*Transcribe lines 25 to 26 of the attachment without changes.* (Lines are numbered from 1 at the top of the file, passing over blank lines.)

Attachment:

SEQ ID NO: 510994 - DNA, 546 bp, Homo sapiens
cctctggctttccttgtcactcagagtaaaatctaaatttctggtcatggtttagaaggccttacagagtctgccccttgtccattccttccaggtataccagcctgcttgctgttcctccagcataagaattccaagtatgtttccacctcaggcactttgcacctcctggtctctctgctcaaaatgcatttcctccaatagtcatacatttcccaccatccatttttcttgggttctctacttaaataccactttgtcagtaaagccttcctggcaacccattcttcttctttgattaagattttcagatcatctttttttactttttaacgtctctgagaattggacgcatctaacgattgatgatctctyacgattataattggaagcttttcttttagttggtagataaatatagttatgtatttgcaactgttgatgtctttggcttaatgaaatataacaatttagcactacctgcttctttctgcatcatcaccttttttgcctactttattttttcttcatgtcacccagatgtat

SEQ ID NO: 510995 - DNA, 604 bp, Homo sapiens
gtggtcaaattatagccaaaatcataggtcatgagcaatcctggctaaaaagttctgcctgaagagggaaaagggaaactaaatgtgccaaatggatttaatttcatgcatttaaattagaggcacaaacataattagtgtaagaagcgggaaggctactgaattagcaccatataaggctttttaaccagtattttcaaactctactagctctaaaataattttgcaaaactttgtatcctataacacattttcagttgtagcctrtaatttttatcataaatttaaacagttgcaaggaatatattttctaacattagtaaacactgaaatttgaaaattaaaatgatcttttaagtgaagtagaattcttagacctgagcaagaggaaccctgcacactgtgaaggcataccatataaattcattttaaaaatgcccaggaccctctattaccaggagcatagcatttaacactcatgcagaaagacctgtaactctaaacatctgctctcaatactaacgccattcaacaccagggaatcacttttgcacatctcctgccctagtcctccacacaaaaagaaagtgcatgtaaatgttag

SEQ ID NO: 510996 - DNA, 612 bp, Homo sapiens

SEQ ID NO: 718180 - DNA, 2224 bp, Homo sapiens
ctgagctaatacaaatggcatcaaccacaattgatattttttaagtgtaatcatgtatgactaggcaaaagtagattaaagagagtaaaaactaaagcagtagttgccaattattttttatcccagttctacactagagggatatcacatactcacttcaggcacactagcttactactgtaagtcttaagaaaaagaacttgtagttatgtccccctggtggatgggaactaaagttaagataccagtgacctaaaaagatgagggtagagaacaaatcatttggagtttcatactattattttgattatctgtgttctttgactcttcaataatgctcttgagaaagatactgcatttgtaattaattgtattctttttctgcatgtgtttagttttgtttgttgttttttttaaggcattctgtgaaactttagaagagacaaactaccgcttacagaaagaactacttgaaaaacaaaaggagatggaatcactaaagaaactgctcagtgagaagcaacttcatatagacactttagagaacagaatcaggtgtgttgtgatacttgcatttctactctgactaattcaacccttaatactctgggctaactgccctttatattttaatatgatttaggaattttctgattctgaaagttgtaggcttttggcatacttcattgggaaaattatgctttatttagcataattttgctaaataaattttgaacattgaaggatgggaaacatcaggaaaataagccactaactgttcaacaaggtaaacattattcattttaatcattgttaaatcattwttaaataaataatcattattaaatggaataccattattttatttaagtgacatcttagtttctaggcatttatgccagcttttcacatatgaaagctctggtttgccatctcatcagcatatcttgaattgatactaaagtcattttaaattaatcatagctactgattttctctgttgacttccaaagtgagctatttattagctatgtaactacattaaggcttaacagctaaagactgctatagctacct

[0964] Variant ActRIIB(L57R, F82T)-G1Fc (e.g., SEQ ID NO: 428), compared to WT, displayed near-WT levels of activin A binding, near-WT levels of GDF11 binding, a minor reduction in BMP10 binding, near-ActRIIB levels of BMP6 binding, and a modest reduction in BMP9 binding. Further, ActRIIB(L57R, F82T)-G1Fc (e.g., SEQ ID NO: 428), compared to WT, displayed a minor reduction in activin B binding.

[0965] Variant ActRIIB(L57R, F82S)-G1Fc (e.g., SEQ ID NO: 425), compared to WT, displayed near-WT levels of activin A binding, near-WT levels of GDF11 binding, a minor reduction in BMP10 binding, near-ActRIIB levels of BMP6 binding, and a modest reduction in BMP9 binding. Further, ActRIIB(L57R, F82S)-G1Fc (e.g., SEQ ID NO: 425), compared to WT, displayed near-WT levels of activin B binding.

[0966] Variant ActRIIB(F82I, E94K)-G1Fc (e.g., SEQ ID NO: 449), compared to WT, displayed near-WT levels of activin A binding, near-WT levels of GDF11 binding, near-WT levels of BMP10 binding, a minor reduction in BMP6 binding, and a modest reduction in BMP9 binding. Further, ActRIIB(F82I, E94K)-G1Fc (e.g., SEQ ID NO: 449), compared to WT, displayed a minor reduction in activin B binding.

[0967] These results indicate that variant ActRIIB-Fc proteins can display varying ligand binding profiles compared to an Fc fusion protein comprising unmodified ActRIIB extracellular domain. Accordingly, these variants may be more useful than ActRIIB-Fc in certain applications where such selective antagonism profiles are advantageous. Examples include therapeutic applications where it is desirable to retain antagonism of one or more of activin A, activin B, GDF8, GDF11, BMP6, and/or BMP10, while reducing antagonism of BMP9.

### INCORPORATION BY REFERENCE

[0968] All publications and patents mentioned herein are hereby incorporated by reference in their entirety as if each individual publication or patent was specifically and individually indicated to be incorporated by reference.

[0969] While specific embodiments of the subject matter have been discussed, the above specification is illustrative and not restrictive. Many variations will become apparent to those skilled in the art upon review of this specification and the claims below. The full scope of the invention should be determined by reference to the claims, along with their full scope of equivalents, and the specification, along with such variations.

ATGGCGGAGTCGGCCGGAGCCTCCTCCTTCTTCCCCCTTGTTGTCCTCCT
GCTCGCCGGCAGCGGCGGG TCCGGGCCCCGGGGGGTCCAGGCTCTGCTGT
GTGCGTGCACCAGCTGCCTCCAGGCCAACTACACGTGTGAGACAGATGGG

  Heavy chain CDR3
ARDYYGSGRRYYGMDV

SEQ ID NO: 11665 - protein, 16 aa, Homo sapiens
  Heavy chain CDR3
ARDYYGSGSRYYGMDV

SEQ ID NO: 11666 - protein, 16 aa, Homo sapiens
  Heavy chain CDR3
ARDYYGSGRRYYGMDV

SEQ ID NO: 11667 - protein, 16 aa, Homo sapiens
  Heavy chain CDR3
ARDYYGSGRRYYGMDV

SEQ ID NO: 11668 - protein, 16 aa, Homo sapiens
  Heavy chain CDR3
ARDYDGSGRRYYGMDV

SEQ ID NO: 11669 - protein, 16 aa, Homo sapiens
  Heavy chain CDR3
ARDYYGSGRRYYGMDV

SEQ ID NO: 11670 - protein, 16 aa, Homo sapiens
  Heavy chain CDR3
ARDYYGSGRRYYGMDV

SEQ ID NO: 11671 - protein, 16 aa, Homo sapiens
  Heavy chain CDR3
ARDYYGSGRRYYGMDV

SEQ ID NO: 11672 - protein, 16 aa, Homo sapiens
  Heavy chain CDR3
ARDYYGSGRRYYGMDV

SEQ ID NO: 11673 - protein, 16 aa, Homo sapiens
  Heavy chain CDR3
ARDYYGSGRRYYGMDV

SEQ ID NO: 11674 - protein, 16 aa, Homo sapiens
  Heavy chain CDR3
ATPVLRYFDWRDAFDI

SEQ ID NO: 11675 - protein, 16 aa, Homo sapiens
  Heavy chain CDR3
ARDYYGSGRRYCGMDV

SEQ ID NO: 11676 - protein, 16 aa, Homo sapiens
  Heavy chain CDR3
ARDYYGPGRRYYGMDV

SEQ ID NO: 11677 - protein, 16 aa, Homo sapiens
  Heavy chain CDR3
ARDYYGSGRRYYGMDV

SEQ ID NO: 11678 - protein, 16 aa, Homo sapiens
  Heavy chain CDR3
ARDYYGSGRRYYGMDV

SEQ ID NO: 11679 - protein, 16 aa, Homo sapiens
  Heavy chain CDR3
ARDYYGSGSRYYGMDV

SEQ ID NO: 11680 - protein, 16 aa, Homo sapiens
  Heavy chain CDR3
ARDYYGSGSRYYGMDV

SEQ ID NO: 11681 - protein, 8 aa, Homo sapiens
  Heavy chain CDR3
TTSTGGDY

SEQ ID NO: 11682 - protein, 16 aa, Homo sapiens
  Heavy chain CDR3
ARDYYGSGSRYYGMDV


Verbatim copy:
ARDYYGSGRRYYGMDV

SEQ ID NO: 11667 - protein, 16 aa, Homo sapiens